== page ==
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Economy

Why We’re Wrong About Millennials

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Businesses spend millions of dollars trying to understand them. News outlets write thousands of articles about them. And the public thinks they’re pampered phone-addicts that live in their parents’ house.

Millennials.

What are millennials anyway? There are a few ways to define this age group, but for clarity’s sake, we will define the term as Pew Research does. According to their chart, millennials were born between 1981 and 1996.

The world is fascinated by this demographic. Here’s a spattering of popular content about millennials:

In 2016, Inside Quest interviewed Simon Sinek about millennials and the video went viral with 11 million+ views. In it, he says millennials are lazy, narcissistic, entitled, and addicted to their phones.

A lot of people agreed with his views, but are these opinions a fair understanding?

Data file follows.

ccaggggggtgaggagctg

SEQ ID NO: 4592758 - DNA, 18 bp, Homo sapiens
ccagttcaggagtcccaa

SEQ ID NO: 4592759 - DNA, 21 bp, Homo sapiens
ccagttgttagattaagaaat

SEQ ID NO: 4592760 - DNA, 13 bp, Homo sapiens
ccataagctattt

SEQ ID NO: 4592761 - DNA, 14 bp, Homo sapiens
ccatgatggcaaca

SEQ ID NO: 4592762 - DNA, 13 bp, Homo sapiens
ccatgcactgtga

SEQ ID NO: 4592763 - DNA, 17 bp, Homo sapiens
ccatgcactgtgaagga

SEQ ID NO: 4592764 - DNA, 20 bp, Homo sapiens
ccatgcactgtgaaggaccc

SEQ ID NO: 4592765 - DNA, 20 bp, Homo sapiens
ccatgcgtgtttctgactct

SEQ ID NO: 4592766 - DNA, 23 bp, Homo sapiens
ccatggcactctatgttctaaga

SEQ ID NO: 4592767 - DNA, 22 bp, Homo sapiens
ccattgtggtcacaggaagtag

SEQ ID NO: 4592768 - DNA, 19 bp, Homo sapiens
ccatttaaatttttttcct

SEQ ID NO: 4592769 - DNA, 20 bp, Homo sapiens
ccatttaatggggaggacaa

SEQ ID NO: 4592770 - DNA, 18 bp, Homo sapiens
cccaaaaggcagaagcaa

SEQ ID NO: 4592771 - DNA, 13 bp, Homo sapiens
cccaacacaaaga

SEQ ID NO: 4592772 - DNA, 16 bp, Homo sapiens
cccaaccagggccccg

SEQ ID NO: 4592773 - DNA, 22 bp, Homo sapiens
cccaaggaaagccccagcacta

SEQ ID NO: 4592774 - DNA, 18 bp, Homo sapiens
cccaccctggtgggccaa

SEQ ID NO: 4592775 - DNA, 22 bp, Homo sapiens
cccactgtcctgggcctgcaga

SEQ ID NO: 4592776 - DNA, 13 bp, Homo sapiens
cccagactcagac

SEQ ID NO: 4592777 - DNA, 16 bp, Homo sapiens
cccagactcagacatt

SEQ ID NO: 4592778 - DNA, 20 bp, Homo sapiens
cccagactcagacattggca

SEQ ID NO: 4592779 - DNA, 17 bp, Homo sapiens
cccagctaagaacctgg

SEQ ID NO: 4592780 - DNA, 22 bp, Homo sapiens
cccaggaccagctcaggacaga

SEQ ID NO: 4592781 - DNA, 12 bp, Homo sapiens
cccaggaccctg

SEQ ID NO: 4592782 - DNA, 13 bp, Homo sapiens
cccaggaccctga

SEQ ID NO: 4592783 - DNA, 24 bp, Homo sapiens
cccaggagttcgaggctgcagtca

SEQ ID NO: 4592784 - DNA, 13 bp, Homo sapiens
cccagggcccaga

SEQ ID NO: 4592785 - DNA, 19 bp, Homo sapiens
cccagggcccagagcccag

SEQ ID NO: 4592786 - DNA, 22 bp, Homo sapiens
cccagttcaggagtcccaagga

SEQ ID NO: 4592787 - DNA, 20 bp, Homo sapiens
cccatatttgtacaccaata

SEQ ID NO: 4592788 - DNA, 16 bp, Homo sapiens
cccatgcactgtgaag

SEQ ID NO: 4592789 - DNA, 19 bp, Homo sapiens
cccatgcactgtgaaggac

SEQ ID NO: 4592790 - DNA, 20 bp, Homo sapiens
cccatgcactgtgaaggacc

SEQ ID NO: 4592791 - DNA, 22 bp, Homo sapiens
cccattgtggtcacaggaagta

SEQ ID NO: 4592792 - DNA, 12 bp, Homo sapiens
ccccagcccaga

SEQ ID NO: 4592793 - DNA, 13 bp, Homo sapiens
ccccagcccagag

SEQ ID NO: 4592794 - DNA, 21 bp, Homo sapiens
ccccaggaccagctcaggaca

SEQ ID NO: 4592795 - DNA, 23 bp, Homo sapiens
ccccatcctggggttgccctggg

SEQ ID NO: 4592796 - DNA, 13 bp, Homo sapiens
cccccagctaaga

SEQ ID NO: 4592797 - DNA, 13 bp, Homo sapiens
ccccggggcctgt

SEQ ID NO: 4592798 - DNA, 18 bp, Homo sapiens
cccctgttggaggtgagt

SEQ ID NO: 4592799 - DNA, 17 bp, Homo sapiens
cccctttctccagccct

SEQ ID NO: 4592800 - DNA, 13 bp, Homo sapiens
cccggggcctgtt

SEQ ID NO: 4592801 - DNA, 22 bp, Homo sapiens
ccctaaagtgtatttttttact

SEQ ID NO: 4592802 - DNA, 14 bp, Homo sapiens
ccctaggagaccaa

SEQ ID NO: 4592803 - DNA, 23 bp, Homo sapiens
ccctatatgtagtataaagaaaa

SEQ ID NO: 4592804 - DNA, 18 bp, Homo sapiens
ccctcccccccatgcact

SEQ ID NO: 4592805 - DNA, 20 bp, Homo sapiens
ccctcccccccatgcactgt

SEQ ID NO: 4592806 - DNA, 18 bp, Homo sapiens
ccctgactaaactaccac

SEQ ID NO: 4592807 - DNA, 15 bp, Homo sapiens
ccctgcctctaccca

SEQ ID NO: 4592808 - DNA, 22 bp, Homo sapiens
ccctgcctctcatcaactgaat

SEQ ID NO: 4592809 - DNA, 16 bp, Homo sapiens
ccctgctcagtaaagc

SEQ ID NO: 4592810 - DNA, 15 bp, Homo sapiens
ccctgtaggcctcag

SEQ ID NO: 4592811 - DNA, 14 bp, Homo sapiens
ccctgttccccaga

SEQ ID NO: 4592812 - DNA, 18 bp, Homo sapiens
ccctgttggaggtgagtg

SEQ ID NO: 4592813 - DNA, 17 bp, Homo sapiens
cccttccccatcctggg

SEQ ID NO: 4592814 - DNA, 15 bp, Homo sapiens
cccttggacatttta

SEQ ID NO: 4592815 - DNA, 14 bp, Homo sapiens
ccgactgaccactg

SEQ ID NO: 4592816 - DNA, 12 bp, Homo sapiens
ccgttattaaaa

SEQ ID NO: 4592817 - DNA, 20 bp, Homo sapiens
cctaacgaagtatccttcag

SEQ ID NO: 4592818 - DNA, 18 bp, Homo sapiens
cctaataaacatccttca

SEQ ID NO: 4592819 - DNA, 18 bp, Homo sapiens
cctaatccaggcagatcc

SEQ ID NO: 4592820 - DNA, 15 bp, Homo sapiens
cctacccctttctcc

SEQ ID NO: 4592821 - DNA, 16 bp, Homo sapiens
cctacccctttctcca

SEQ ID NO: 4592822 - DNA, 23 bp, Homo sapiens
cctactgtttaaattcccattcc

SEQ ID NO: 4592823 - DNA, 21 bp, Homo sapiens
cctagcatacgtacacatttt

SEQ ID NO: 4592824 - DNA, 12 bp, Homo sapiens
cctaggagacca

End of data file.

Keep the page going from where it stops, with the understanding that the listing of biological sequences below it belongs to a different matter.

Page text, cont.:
This article seeks to explain why some stereotypes about millennials are inaccurate. Consider these thoughts on why we may be wrong about millennials:

Opinions about millennials are similar to every generation in history

Popular opinions about millennials include:

  • They’re pampered and spoiled
  • They won’t work hard and expect to be rewarded
  • They’re given everything, yet complain endlessly

But here’s the thing – adults have been saying this is about younger generations for centuries. Compare these quotes from the past and our current century:millennial_chart

Amazingly, people complained about young baby boomers the same way baby boomers complain about millennials. And you know what? When millennials get older, I bet they’ll complain about the younger generation the same way too.

This historical pattern reveals that millennials are not unique in these regards. In the 1950s, young people were apparently “pampered” by technology and preferred busses over walking.

In the 1990s, they said that the younger Generation X lived better than the previous generation but complained about life more.